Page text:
“Wouldn’t it be wonderful if everyone were that happy and accepting of death?” I asked Amadeus. “You know, if we knew that it was going to be peaceful and joyous? Not in that stupid  ‘He’s in a better place now’ way, but in a way that makes you thrilled that you’re on your way to this fantastic new place.” I loved imagining that each of the people we’d lost—his mother and brother and son, my father—had experienced the happiness that Ben had felt when he’d met with death, before he came back to tell us about it.

We discussed our own dream deaths—how we wanted our lives to end, and at what point we’d want them ended for us if things became too rough. Amadeus took out a sheet of paper and wrote. “If we lose our faculties, if our quality of life is gone, if we’re a burden and there’s no hope left—do not resuscitate. “

Our dream deaths include a wake by the Buffalo River, and we both hope the weather cooperates. We want people to pass a bottle and tell stories about us, and laugh and cry and sing and play music. I’m going to write a song for Amadeus, and he’s going to write one for me. Our ashes will be scattered in the river, and they’ll mingle and fish will swallow part of us and the rest of us will float downstream.  We signed and dated it, and for a minute, we considered having Theo the Wonderdog® witness it, but we had no inkpad for his paw.

There’s something so horrific and yet so beautiful about the demise of the sweet, grouchy old man who raised my husband. He’s had the gift and the curse of knowing that the end is near. He’s surveyed his life, expressed his regrets; he’s making his peace and saying his goodbyes. He got to tell his son that he loved him, and he got to hear it back. That might be the greatest gift of all.

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16 thoughts on “Little Black Dots

  1. Ann Marquez says:

    All I can say is {Hugz} and blessings to all.
    This is absolutely beautiful Moonbeam.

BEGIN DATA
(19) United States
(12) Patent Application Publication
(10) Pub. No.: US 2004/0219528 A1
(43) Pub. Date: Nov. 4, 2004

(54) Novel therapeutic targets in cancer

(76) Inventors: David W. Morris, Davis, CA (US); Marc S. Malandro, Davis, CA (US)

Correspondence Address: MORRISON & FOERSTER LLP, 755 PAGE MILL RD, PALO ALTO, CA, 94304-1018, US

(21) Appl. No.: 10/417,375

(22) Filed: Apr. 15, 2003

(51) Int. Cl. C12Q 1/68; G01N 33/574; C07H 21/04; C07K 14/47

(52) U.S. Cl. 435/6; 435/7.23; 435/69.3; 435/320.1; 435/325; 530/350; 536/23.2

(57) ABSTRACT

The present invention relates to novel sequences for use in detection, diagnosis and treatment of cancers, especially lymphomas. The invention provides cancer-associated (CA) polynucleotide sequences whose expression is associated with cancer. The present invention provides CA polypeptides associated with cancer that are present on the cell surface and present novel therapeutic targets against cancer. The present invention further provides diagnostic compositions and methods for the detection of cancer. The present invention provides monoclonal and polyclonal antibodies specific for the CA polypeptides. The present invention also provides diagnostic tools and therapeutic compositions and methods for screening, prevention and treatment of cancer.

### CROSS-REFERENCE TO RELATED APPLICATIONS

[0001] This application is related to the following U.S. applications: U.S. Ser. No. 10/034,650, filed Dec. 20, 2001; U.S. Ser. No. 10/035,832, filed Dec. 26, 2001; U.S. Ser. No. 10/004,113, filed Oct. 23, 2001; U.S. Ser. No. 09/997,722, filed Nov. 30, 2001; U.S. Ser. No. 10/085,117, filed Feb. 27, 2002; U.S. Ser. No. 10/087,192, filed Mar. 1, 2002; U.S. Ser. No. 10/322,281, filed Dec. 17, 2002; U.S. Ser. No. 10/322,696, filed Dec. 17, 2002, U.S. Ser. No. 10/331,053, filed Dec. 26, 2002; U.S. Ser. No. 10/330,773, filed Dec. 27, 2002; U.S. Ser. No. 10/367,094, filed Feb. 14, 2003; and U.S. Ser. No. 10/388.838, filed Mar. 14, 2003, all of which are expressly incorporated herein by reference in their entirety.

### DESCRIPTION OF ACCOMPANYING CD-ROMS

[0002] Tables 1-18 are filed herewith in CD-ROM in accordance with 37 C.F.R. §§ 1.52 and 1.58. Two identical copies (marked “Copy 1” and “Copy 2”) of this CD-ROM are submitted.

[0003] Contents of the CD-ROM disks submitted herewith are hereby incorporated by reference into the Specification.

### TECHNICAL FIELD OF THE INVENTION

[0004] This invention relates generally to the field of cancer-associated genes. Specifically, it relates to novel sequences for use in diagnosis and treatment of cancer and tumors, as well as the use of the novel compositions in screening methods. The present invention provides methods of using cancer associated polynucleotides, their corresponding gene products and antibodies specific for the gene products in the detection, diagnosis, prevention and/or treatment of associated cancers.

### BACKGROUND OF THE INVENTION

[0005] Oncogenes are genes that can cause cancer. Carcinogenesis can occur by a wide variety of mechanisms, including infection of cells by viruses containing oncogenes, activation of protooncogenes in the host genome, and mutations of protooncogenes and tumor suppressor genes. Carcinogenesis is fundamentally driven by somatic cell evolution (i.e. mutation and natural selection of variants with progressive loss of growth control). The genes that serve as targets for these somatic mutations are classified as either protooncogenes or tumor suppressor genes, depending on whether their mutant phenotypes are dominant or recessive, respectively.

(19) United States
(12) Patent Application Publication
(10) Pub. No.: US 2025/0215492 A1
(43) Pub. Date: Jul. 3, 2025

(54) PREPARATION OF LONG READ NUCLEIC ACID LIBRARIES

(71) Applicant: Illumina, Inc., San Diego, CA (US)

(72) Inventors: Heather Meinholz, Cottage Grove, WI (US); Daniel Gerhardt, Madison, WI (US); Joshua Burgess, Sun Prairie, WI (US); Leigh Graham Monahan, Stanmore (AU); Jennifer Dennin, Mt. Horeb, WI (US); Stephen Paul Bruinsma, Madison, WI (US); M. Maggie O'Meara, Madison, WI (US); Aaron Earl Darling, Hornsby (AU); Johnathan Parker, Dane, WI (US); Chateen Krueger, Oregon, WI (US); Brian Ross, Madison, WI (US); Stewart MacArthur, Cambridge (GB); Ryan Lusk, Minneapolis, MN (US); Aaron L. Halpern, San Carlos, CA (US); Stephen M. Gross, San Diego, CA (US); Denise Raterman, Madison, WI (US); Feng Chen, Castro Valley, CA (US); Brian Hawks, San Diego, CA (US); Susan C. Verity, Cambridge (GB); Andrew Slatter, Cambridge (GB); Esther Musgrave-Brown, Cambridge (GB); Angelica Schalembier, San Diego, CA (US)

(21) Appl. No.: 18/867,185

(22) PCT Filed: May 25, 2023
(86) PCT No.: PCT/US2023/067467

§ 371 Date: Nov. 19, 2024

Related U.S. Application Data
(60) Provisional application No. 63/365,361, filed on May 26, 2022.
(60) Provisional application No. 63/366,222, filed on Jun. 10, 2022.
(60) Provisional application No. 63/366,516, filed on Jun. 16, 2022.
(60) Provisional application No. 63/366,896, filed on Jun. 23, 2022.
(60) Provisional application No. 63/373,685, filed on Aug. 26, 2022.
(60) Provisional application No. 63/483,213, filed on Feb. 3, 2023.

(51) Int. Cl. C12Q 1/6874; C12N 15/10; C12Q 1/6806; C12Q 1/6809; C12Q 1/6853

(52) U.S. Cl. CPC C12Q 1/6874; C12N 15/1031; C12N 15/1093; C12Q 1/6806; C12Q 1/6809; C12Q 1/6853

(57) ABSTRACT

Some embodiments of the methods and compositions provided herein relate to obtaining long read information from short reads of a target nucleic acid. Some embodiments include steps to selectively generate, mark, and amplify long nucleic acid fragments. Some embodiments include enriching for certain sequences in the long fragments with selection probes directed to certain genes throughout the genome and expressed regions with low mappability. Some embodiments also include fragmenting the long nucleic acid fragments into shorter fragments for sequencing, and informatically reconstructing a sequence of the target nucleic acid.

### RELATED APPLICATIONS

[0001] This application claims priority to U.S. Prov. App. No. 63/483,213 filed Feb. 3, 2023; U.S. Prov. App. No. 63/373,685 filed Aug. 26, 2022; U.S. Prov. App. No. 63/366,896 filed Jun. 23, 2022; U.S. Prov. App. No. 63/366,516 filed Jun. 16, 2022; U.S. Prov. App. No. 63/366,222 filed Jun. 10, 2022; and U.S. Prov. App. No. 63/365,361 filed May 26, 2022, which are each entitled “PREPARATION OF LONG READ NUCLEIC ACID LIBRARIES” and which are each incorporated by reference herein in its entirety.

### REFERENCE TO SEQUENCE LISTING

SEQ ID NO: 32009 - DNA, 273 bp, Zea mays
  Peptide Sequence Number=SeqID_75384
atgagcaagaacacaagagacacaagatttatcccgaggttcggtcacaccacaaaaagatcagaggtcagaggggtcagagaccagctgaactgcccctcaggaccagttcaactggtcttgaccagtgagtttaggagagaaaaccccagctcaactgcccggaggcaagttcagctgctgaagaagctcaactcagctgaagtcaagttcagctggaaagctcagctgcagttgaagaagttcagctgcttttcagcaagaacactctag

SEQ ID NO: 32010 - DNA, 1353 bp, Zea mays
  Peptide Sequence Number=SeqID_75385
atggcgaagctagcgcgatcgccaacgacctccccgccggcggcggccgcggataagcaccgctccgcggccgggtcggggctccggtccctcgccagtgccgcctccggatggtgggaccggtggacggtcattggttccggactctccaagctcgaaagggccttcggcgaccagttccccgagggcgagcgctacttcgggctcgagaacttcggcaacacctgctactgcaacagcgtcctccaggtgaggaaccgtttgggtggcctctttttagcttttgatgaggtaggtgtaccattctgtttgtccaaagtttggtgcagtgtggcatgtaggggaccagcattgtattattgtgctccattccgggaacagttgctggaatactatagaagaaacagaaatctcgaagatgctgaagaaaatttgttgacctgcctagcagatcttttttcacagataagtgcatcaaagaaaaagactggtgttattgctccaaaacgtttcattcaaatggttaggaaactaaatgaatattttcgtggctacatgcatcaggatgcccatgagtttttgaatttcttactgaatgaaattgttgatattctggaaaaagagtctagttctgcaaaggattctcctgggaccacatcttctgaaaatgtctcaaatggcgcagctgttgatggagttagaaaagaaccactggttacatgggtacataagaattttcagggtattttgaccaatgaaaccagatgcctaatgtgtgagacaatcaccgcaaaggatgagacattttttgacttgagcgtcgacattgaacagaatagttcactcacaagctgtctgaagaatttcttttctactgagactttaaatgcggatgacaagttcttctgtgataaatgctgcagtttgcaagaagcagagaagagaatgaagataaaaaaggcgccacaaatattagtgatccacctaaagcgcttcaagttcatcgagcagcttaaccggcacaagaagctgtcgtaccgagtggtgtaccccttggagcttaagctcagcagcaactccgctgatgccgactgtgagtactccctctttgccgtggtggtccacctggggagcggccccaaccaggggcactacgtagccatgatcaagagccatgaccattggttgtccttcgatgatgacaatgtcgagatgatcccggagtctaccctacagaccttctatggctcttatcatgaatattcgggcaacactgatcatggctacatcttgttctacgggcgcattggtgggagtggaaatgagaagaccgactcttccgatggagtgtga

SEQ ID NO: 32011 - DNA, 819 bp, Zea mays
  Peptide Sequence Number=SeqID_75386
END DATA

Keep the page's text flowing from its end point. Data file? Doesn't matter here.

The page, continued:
Ann– thank you for the hugs and thank you for the blessings. We need ‘em.

  2. Heather says:

    I’m so sorry Moonie!
    Losing a parent is the pits. I lost my mama last year and it’s nearly killed me.

    ((((Heather)))) I’m so sorry about your mom. I can’t even imagine.

  3. Love you, Moonbeam. (((((HUGS))))) You can share some of those with Amadeus Jr. and Sr.

    Love you back, Mr. P. I’m definitely sharing those hugs.

  4. Kendall says:

    You’ve written this with love, with kindness, with humor where I would have thought humor was impossible, and with wisdom. It sounds like you’ve both been as patient as humanly possible with the step-mother, and you’ve been wonderful to the old guy and to each other. That’s all you can do, Moonbeam. You’re on it. You’re doing it. And you’re writing it. Meanwhile life…and death…does what it does. There’s no stopping it. Keep breathing, Moonbeam. Keep taking care of yourself and Amadeus, because this really hard on you both. I’m glad you’re able to keep writing. I hope it keeps you sane and refills your exhausted supply of energy.

    Thanks, Kendall. You give me too much credit. Though I am cordial and (hopefully) helpful, I want to bitch-slap that sorta stepmother into next Tuesday. Today, I started writing another blog post on the latest developments, but I finally had to stop after 2000 plus words of anger. I don’t know if I’ll publish it, but blogging is the best therapy.

    We’re trying, we’re really trying. And thank you so much for the reminders. I needed that jolt.

  5. Renee Mason says:

    Lady, you can write your ass off. This has me sobbing, but also so happy that your husband has you in his life at this time. And good for you for being able to extend your kindness and caring to the evil stepmama!

    Thank you Renee. I’m sorry I made you sob.

    You know, I’m still amazed that my hubby and I ended finding each other in this world. We trade strength back and forth and we talk things out and no matter how horrible things get, we’re both just so delighted to be together. There’s something in that foundation that reassures us that no matter what, everything will be okay in the end.